Sylvia Plath (1932-1963) is a poet whose troubled life and powerful work remains a source of controversy. Born in Boston in the USA she was precociously intelligent, publishing her first poem at the age of eight. The same year her German father, Otto, died suddenly, a trauma which surfaces in her poetry repeatedly. Plath suffered from bouts of severe depression throughout her life, her first serious breakdown occurring in 1953 and later remembered in her autobiographical novel The Bell Jar (1963). This episode led to her first suicide attempt, but she recovered and graduated from Smith College, Massachusetts before winning a Fullbright Scholarship to Cambridge University. Here she met the English poet, Ted Hughes, their passionate courtship leading quickly to marriage in June 1956. After two years teaching in the United States the couple returned to the UK when Plath became pregnant, their daughter Frieda being born in April 1960. By this time Hughes was established as a significant new voice in British poetry, but now Plath’s own first collection The Colossus was published and began to receive attention. After the birth of their son in 1962 their marriage became increasingly fraught with Plath’s mental instability and Hughes’ infidelity both likely contributing factors. The couple separated and Plath took the children to live with her in London. During an extraordinary burst of creativity in the autumn of 1962 Plath wrote most of the poems on which her reputation now rests. However, that winter was particularly severe and Plath became increasingly isolated and depressed: on February 11th 1963 she committed suicide by gassing herself in the kitchen of her flat. Debate has raged ever since over who was to blame for Plath’s early death, the feminist movement adopting her as an icon and interpreting Hughes’ role as her literary executor, particularly his destruction of her final journal, as continuing a patriarchal oppression she had experienced in life. More recently this interpretation has been challenged, not least by Hughes himself in his collection Birthday Letters, which give his view of their marriage in a series of tender and searing poems. Plath’s own work, with its intense sometimes shocking use of metaphor and her exploration of extreme states of mind, refuses to be overshadowed by her tragic biography: in 1982 she became the first poet to be posthumously awarded the Pulitzer Prize for her Collected Poems.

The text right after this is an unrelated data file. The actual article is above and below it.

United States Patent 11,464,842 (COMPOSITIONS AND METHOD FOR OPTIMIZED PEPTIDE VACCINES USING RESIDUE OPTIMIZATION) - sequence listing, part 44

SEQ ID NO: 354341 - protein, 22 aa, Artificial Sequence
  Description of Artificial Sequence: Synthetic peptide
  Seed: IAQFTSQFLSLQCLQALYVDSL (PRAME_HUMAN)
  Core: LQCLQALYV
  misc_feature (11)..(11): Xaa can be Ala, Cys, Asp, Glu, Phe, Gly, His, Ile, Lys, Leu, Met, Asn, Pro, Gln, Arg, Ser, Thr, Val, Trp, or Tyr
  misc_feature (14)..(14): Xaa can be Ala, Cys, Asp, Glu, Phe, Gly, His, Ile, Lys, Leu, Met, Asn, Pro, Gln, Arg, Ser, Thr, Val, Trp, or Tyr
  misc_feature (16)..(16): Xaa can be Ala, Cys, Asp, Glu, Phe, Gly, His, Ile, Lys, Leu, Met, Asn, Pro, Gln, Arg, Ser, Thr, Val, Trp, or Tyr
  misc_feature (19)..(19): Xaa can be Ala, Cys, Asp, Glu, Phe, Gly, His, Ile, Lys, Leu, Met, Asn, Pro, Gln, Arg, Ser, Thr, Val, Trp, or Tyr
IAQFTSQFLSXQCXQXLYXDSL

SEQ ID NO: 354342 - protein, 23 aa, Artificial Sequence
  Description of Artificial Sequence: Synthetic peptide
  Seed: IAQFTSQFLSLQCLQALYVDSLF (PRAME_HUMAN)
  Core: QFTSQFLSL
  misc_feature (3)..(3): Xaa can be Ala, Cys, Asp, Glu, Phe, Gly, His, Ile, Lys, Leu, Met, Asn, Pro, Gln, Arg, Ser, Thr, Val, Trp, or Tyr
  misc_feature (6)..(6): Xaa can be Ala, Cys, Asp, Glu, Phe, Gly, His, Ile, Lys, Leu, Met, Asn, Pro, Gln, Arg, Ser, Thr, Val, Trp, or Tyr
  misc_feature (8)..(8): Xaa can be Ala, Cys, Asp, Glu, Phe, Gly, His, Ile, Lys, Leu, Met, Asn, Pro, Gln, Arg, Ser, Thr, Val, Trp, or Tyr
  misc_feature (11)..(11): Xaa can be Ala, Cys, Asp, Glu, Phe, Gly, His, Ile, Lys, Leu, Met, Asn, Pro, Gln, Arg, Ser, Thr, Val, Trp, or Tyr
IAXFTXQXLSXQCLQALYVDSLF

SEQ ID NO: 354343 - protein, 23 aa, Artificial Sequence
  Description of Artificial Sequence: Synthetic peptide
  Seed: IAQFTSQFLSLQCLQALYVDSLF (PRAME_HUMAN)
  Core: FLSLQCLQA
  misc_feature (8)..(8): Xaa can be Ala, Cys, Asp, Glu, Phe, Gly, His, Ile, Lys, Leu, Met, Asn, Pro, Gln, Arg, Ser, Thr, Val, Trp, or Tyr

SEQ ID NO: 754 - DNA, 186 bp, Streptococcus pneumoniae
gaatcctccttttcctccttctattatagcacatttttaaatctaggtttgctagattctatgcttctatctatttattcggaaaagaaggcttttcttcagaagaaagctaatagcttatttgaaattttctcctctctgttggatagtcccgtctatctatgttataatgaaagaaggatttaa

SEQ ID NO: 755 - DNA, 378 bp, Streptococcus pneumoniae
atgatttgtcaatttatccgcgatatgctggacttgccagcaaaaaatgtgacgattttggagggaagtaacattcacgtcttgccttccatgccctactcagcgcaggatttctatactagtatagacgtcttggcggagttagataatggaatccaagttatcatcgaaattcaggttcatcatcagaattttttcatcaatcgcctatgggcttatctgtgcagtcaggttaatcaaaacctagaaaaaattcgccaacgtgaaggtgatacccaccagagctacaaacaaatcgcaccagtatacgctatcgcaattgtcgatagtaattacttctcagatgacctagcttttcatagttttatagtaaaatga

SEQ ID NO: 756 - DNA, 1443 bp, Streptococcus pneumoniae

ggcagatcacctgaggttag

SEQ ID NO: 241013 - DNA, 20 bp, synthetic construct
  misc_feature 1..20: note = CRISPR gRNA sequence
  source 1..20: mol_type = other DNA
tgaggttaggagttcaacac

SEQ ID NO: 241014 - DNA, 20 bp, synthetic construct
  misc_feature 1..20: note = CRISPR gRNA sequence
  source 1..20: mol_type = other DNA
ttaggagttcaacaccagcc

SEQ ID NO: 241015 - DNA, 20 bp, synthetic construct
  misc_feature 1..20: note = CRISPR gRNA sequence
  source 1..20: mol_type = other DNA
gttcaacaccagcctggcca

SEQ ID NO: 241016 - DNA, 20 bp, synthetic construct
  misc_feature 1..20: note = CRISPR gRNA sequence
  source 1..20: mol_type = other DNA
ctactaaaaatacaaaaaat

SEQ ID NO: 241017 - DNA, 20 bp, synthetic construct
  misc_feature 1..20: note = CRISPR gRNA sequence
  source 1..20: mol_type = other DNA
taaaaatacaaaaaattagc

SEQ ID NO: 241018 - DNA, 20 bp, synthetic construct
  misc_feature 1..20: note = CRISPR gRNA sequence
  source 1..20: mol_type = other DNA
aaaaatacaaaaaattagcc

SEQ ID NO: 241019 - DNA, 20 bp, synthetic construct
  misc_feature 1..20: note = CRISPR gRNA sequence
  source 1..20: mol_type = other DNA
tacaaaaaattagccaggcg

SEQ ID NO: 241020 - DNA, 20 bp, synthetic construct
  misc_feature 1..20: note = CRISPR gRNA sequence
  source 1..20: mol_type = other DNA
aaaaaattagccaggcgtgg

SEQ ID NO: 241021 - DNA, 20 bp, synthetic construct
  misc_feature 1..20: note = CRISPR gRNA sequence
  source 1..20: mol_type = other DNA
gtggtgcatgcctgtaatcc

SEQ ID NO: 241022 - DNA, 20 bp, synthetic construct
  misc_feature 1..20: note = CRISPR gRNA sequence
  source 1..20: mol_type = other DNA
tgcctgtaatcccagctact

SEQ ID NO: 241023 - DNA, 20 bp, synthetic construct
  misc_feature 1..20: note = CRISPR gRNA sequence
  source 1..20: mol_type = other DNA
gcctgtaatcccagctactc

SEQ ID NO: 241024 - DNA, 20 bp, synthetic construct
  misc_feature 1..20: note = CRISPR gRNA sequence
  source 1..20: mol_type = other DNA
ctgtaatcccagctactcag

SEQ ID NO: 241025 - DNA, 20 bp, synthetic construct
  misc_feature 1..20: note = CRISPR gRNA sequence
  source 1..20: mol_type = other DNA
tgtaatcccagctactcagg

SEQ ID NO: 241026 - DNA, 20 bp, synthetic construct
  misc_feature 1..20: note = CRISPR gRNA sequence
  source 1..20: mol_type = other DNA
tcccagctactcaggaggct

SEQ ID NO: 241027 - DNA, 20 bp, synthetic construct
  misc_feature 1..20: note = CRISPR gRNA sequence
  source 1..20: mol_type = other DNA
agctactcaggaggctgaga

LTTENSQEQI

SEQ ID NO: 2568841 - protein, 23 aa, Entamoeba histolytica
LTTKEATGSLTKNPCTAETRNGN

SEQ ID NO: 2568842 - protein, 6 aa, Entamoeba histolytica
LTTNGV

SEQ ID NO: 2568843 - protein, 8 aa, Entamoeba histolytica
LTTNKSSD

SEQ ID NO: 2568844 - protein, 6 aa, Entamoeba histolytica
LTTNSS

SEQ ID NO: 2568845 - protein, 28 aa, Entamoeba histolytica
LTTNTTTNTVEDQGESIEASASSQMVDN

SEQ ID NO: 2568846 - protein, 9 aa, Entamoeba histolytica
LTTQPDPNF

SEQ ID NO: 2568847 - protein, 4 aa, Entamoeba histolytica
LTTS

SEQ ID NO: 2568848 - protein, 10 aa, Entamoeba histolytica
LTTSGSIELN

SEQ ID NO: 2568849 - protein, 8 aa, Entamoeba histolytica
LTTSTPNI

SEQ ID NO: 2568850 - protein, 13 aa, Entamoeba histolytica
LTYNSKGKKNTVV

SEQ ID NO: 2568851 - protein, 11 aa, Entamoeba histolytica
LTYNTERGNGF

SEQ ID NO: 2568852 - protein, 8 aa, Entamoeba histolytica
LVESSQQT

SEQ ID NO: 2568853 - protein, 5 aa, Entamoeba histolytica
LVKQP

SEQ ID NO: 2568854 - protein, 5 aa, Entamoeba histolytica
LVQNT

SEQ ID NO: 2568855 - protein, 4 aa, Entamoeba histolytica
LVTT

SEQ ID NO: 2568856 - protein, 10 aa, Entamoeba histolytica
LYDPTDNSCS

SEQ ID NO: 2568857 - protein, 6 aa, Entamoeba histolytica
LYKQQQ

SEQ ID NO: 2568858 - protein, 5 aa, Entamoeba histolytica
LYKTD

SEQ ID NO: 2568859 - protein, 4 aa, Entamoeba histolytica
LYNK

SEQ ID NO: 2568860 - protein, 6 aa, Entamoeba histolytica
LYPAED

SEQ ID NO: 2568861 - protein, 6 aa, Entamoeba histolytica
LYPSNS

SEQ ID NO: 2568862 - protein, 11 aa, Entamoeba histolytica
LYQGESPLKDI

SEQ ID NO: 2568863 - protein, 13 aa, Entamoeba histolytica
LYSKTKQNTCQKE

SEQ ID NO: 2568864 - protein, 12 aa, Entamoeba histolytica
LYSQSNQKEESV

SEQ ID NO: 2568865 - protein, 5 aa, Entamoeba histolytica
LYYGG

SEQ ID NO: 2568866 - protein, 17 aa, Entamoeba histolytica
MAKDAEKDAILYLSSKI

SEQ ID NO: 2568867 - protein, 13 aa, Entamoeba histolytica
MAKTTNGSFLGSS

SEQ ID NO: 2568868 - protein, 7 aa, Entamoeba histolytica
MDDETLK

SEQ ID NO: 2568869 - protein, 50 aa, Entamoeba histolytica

Her two Archive poems are fine examples of her arresting style and fearless examination of self and society. ‘Parliament Hill Fields’ was written after she had experienced a miscarriage in February 1961 and shows her ability to invest external landscape with the urgency of psychic disturbance. In her introduction to this poem, Plath’s comments suggest that the poem’s narrator is a third party, not herself. This is revealing: whilst considered a leading “confessional” poet, Plath often uses dramatic monologue, as in her famous poem ‘The Applicant’. In this devastating satire on the conventional marriage, she uses the sales-speak of modern commerce to expose society’s de-humanising expectations. Both poems show Plath’s skill in manipulating the sound of language: the rich alliteration and assonance of ‘Parliament Hill Fields’ creating a palpable sense of place, whilst the short lines of ‘The Applicant’ contribute to its aggressive tone, as encapsulated in her repeated use of the pronoun “it”. Plath’s reading style is cool and controlled but this only emphasises the driven energy of these extraordinary testaments, sent from the edge of experience.

Poems by Sylvia Plath

The Applicant - Sylvia Plath
You’re - Sylvia Plath

Books by Sylvia Plath